Here's the method that searches the catalog, and delivers the most recent 30 changes:

results = context.myCatalog (sort_order='reverse',sort_on='bobobase_modification_time')
list = []
for i in range(30):
    result = results[i]
    obj = result.getObject()
    if ( obj != None ):
        creator = obj.getProperty('creator')
        url = result.getURL()
        path = result.getPath()
        time = result.bobobase_modification_time
        list.append( [ '<a href="' + url + '">' + path + '</a>', creator, time ] )
return list

Because this method is a Python script, it automatically receives a context object, and it's through that object that the script accesses the catalog object. A call to the catalog object produces a list of results, reverse-ordered by modification time. Each item in the list is what's called (rather confusingly) a Catalog Brain -- it's an object you can use to get at the item's found object, its URL, and its path. Why check for an empty Brain -- i.e., obj != None? It's possible that a catalogued object will have been deleted.

The catalog searcher returns a list-of-lists. Another method processes this structure into an HTML table. Interestingly, the searcher may be called directly from the URL-line, and will return a text representation of the list-of-lists. This is handy for debugging and development. But it also makes the method into a kind of poor man's web service, a pattern that holds generally true in Zope. Although in this case I feed the searcher's output directly into a formatter, any application authorized to talk to my server could retrieve that output directly.

Since files are constantly being added to the repository, it's necessary to repeat the Find Objects procedure in order to get these new files into the catalog. An hourly refresh is sufficient for my purposes. Here's a case where I've used a Perl script, running from cron, to automate a scheduled operation. That's possible because, like any web application, Zope's HTML forms can be reduced to URL-line-callable functions. Here's part of the Perl script that updates the catalog:

my $req = new HTTP::Request 'GET';    
$req->url("http://host:port/repository/myCatalog/manage_catalogFoundItems? \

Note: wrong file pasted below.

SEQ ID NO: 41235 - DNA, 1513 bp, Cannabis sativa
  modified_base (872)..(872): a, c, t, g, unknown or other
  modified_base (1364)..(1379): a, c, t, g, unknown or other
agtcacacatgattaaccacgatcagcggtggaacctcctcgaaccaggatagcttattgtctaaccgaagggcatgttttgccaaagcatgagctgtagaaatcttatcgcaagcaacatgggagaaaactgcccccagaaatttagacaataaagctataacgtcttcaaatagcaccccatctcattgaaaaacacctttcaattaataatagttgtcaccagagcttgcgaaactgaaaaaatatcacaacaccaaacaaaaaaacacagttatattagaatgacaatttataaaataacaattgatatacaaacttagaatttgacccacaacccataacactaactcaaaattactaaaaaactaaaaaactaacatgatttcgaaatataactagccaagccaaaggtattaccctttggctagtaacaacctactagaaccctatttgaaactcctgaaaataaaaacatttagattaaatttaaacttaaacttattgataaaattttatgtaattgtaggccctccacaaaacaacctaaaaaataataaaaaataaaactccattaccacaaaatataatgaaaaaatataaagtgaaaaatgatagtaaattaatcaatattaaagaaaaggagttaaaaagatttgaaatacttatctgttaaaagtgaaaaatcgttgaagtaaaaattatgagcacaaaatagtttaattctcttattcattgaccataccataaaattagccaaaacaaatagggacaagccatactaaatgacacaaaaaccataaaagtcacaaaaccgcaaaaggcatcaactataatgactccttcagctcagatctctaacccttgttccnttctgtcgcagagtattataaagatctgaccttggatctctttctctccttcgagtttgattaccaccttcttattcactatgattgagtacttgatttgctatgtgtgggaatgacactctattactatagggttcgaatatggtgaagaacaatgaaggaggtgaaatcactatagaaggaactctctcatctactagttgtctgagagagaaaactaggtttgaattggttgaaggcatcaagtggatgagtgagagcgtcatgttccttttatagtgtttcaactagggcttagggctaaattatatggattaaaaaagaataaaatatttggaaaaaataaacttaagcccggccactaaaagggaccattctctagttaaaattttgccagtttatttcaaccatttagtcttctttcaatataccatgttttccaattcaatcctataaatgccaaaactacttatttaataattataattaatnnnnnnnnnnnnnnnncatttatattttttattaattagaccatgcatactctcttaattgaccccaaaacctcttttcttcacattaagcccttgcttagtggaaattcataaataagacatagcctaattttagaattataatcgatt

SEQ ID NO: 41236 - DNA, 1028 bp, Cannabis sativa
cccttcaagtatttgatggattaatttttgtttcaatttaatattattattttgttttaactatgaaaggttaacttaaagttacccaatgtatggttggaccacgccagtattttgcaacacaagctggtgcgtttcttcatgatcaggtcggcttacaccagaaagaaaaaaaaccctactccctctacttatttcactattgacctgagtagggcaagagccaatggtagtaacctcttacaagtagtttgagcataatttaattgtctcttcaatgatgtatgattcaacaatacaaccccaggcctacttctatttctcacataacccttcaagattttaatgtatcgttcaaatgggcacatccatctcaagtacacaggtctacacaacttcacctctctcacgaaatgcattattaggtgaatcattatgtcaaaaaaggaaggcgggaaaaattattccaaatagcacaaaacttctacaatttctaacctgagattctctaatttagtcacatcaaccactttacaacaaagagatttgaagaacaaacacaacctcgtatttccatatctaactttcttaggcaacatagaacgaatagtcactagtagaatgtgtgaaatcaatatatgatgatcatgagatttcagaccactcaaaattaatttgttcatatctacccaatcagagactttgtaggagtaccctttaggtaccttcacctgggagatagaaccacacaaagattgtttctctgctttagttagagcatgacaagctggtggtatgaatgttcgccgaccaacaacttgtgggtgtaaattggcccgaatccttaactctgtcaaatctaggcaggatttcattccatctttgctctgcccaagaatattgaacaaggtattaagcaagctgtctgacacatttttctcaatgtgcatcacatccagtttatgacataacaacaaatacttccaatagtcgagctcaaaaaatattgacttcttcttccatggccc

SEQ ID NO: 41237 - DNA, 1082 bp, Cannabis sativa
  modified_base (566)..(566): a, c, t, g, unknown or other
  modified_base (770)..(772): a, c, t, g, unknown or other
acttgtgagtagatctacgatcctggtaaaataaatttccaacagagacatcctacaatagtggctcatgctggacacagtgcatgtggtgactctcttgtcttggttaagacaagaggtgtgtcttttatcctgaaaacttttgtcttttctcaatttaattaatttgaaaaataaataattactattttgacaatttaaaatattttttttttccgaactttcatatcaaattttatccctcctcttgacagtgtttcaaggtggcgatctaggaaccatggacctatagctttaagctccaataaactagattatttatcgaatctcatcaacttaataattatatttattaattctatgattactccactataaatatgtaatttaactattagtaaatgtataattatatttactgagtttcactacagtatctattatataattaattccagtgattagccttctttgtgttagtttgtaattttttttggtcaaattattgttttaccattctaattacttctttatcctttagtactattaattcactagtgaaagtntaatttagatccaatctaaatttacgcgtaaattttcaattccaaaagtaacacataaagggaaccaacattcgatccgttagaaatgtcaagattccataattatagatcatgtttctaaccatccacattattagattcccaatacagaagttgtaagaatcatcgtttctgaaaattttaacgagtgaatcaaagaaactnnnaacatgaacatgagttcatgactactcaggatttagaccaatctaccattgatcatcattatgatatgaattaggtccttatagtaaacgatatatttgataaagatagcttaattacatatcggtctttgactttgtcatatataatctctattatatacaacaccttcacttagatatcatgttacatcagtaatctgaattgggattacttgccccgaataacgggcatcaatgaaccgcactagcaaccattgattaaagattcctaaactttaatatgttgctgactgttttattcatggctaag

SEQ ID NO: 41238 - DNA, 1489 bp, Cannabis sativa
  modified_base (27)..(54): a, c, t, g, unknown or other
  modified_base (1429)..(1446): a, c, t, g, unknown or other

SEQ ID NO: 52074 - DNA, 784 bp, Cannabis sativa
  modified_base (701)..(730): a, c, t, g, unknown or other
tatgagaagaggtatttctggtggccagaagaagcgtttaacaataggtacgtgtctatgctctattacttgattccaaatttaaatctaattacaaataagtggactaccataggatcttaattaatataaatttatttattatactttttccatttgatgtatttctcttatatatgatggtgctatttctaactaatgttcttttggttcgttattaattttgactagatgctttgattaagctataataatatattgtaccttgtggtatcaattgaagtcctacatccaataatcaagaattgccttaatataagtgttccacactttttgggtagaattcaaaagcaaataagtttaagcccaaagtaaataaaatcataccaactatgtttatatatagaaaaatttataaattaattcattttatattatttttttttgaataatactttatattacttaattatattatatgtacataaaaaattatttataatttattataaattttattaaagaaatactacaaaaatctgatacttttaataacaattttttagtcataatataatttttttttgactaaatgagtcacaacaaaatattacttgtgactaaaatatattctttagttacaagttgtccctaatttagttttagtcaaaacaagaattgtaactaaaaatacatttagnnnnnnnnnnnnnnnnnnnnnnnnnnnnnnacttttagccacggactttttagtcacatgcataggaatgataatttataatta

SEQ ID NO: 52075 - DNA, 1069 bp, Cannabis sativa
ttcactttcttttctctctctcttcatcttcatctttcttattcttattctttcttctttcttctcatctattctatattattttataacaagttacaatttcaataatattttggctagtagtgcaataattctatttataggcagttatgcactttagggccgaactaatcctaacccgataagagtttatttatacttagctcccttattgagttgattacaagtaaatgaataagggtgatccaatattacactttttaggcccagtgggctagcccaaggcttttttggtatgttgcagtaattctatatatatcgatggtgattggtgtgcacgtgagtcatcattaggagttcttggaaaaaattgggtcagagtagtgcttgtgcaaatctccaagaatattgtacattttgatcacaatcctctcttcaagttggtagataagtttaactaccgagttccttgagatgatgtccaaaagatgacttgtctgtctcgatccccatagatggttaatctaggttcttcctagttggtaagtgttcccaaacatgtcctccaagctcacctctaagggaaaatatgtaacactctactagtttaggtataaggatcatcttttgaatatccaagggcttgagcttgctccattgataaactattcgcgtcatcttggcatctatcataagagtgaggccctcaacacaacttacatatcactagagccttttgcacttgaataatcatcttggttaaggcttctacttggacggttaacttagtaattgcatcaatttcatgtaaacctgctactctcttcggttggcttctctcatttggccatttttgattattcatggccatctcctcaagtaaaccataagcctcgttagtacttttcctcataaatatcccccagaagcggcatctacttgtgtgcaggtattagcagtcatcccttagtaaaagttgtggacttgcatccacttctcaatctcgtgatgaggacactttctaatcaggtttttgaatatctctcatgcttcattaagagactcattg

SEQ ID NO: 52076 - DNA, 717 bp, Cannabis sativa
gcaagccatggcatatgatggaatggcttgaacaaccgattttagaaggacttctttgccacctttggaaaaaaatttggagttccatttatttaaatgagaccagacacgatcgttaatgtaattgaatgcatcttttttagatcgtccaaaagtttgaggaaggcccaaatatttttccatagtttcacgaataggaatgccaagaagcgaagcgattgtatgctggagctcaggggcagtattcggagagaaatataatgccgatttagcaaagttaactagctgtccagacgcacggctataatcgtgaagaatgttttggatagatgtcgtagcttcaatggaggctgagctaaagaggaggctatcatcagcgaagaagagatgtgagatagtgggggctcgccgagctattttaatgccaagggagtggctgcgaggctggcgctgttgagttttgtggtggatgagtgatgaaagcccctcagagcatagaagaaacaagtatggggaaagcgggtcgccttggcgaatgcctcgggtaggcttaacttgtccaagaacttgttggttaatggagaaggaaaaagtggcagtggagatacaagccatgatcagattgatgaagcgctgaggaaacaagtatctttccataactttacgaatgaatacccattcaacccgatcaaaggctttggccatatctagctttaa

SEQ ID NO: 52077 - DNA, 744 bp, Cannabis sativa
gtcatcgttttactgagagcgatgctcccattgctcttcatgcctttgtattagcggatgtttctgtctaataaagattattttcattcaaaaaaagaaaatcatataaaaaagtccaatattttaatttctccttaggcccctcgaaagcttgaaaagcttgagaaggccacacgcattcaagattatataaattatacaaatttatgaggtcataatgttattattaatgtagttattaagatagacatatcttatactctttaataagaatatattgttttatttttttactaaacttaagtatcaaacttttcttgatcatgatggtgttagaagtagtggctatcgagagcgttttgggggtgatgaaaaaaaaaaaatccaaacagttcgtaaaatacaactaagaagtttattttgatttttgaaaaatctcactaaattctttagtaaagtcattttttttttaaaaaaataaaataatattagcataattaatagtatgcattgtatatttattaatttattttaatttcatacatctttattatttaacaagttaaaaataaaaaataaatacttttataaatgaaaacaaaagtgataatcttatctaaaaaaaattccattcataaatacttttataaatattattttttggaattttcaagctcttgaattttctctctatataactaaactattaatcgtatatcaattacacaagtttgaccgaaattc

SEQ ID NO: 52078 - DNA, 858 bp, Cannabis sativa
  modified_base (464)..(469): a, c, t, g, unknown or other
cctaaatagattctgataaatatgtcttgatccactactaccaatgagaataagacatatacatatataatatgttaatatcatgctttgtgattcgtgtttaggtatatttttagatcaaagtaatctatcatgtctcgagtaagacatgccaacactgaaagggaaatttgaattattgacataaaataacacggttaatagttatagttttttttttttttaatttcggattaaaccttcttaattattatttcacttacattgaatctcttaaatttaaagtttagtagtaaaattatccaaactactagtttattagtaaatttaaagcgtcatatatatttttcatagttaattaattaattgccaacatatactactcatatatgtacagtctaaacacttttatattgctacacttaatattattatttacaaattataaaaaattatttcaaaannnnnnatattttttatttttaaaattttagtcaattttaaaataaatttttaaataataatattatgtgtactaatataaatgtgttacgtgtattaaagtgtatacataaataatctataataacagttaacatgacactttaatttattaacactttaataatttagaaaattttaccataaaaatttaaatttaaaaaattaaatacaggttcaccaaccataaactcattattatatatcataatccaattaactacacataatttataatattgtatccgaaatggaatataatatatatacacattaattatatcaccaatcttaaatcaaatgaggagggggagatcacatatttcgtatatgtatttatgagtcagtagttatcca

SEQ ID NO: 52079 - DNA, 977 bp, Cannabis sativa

obj_metatypes:list=Image&obj_metatypes:list=File&obj_mspec=%3c \
   &obj_permission=Access+contents+information&search_sub:int=1    \

I admit to feeling vaguely guilty for doing things in this non-Zopish way. Perhaps if Zope were to export its management UI by way of WSDL, discovery and use of the API would feel less sneaky. Certainly it would be easier. I'm fairly certain that were Zope designed from scratch today, its API would be SOAP/WSDL accessible, and the extensive HTML management UI would be more cleanly separated from the API. As it stands, the API is rather deeply entangled with its HTML manifestation. That said, it's really not hard, as you can see, to automate use of the HTML-based API.

Using Python, instead of DTML, for a tree control

In an earlier column I showed how to customize the display of Zope's <dtml-tree> tag, in order to sort differently-typed levels in appropriate ways. It worked fine, but the outline view at the heart of my application -- which had already been a bit sluggish -- became unacceptably slow. After exhausting the options available in Zope's DTML (Document Template Markup Language), I decide to scrap <dtml-tree> and recreate the behavior I needed in a Python script.

It worked out nicely, and sped things up a whole lot. The script, myTree, is called initially as the URL http://host:port/repository/myTree. It composes descendant URLs on the same pattern, to navigate deeper into the tree, and decorates rows of output with links to level-appropriate functions. I'll walk you through some of the crucial idioms.

We start by querying for Folder, File, and Image objects, initializing some variables, and saving shortcuts to some methods.

l = context.objectValues(['Folder','File','Image']) # list the objects at this level
storyFolder = 0
quote = context.pyUrlQuote
pathPrefix = context.getTreePath
parentFolder = context.parentFolder
role = user.getRoles()[0]

Now, differentiate between storyFolders (containing files and images) and higher-level folders (containing folders). Sort storyFolders by modification time, other folders by name.

nonfolders = filter ( lambda x: x.meta_type != 'Folder', l)
if ( len(nonfolders) == 0 ):
  l.sort(lambda x, y: cmp(y.getId(), x.getId()))  
  storyFolder = 1
  l.sort(lambda x, y: cmp(y.bobobase_modification_time(), x.bobobase_modification_time()))